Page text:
Bassem has a Bachelor in Music Education and a Master of Religion in Religion and Music from Warner Pacific College. He is currently completing his PhD at the International Graduate School of Leadership in the Philippines researching Arab culture and contextual biblical peacemaking. In addition to pastoring the Church of God in Sioufi, Beirut, Bassem has been the Dean of Students at ABTS since 2008.

Looking back at his 12-year-long journey with ABTS, Bassem shared,
It has been a fulfilling experience knowing that God has used us for the growth of His Kingdom in the Arab world. The most exciting thing about my role as Dean of Students was to see students leave us not the same way they came. As strange as it sounds, it was exciting when students struggled with conflict because that is where the opportunity lies for growth and transformation!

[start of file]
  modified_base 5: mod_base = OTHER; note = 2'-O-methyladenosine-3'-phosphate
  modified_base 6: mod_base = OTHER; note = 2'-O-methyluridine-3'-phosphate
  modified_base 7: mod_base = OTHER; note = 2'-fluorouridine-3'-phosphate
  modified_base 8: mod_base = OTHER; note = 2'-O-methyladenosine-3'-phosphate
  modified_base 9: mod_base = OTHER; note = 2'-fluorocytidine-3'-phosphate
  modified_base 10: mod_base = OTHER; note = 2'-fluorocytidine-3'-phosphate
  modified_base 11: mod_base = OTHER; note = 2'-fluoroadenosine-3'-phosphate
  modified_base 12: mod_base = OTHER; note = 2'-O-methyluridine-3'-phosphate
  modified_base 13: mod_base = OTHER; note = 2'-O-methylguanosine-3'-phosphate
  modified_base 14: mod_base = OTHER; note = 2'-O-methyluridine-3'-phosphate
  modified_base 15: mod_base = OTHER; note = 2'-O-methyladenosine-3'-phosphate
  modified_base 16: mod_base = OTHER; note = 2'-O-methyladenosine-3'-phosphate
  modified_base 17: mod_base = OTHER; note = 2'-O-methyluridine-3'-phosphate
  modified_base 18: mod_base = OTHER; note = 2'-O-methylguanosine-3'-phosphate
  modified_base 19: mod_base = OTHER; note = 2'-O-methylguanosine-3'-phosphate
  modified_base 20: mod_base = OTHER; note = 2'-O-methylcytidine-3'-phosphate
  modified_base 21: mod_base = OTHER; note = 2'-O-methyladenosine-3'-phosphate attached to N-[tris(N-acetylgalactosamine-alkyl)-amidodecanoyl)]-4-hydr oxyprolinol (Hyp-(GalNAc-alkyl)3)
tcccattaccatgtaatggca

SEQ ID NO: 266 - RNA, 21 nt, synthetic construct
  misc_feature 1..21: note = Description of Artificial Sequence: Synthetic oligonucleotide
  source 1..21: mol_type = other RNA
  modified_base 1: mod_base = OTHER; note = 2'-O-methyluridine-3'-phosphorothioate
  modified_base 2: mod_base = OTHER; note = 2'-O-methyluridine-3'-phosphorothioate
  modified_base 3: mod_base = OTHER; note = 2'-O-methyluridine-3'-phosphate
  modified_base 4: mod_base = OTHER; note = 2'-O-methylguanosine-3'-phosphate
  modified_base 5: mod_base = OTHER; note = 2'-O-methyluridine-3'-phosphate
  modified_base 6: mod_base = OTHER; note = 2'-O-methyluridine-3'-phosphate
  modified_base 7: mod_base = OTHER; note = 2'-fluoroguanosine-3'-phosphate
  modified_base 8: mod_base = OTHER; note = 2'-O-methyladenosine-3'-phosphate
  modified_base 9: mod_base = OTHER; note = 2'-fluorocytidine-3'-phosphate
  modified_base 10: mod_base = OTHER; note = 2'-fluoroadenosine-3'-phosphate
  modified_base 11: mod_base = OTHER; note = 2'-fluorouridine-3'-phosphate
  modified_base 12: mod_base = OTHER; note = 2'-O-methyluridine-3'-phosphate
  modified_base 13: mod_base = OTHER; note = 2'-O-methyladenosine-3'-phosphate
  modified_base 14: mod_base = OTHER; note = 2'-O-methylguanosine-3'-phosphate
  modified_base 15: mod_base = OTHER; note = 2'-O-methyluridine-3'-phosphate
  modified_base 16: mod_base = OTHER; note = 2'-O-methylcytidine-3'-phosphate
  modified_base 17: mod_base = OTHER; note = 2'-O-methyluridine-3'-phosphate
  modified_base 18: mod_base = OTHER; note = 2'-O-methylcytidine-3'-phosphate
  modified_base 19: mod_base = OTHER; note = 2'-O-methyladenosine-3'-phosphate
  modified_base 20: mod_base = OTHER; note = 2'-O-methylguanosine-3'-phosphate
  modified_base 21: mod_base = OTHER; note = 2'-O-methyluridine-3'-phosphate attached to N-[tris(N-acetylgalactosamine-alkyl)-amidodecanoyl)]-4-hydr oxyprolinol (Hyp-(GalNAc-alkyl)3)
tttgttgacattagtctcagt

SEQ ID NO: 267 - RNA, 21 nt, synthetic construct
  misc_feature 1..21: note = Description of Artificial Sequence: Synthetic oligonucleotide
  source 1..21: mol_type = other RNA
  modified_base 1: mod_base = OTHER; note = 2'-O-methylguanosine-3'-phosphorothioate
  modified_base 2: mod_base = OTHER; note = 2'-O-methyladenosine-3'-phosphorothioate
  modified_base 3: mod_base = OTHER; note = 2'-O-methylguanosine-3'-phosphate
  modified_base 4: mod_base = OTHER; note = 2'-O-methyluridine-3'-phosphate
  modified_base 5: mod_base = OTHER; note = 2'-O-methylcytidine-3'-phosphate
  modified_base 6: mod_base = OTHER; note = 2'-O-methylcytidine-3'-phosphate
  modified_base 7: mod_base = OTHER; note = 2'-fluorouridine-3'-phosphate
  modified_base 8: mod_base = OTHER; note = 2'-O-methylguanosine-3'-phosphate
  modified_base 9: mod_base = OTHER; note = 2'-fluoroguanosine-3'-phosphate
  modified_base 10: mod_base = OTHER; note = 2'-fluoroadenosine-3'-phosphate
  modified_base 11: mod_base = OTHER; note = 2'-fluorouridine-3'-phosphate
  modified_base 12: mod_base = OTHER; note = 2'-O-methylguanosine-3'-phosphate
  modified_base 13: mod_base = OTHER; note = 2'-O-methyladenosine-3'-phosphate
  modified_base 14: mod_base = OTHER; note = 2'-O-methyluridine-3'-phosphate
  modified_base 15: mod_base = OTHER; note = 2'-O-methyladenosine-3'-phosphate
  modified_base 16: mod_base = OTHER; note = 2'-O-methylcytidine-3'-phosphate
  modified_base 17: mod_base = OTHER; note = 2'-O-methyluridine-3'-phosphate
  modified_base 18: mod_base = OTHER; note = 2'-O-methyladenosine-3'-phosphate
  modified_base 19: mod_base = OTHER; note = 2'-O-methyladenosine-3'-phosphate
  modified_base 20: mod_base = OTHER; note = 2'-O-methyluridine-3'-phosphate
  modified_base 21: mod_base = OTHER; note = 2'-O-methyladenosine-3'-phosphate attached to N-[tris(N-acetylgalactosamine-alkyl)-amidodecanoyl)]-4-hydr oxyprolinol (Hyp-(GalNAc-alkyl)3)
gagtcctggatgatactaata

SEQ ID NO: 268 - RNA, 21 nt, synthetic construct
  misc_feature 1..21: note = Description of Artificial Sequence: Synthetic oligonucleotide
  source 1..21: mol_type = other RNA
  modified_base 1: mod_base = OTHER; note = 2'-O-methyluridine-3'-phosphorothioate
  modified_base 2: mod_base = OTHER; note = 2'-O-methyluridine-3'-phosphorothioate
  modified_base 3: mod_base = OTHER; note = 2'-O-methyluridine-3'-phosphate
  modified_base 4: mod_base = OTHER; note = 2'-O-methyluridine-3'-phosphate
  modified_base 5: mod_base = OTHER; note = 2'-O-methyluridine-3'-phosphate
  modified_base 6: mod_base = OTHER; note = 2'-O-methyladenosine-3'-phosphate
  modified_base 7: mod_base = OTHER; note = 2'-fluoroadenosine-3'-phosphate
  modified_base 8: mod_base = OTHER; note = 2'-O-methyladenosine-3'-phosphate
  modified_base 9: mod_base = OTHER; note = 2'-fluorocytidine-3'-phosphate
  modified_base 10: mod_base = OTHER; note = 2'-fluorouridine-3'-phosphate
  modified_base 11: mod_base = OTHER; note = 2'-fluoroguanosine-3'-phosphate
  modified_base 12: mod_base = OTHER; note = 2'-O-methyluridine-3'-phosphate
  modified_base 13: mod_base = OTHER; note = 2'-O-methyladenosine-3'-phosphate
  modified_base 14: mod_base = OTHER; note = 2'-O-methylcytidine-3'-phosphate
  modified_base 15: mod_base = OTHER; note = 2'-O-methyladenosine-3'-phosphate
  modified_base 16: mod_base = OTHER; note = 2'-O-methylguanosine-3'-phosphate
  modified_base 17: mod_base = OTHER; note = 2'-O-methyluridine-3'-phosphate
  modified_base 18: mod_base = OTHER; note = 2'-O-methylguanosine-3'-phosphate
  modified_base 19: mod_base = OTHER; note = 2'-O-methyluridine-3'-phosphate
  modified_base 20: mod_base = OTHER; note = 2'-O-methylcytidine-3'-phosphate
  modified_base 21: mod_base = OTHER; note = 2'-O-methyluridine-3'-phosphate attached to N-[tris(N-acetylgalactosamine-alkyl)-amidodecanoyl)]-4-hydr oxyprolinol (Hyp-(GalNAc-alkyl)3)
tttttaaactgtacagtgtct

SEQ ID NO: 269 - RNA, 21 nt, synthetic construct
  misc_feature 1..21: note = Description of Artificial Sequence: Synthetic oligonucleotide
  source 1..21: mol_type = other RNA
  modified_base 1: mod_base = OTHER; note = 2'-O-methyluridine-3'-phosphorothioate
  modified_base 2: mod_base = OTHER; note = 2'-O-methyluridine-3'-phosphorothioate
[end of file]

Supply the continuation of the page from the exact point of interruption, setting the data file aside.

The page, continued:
Due to moving into the integrated model, Bassem and the Leadership Team began to think how ABTS could invest in students within their own contexts, including their culture, community, and ministry. Since the frontline contact with students is faculty, Bassem will be leading them as they invest in students’ lives through mentoring and discipleship. As faculty do that, they get to better understand the contextual challenges that our students face.

“The faculty will be in contact with the students’ pastors or ministry leaders so together they can work on the students’ holistic growth. Indirectly, this will create an environment of transformation for their community,” Bassem said.

When asked about his new role, he shared, “My role involves creating the non-formal practical components of the curriculum, which come alongside the courses and provide an environment for transformation. The Holy Spirit, not us, creates that transformation.” As part of his new role, Bassem will also be leading the peacebuilding initiatives at ABTS.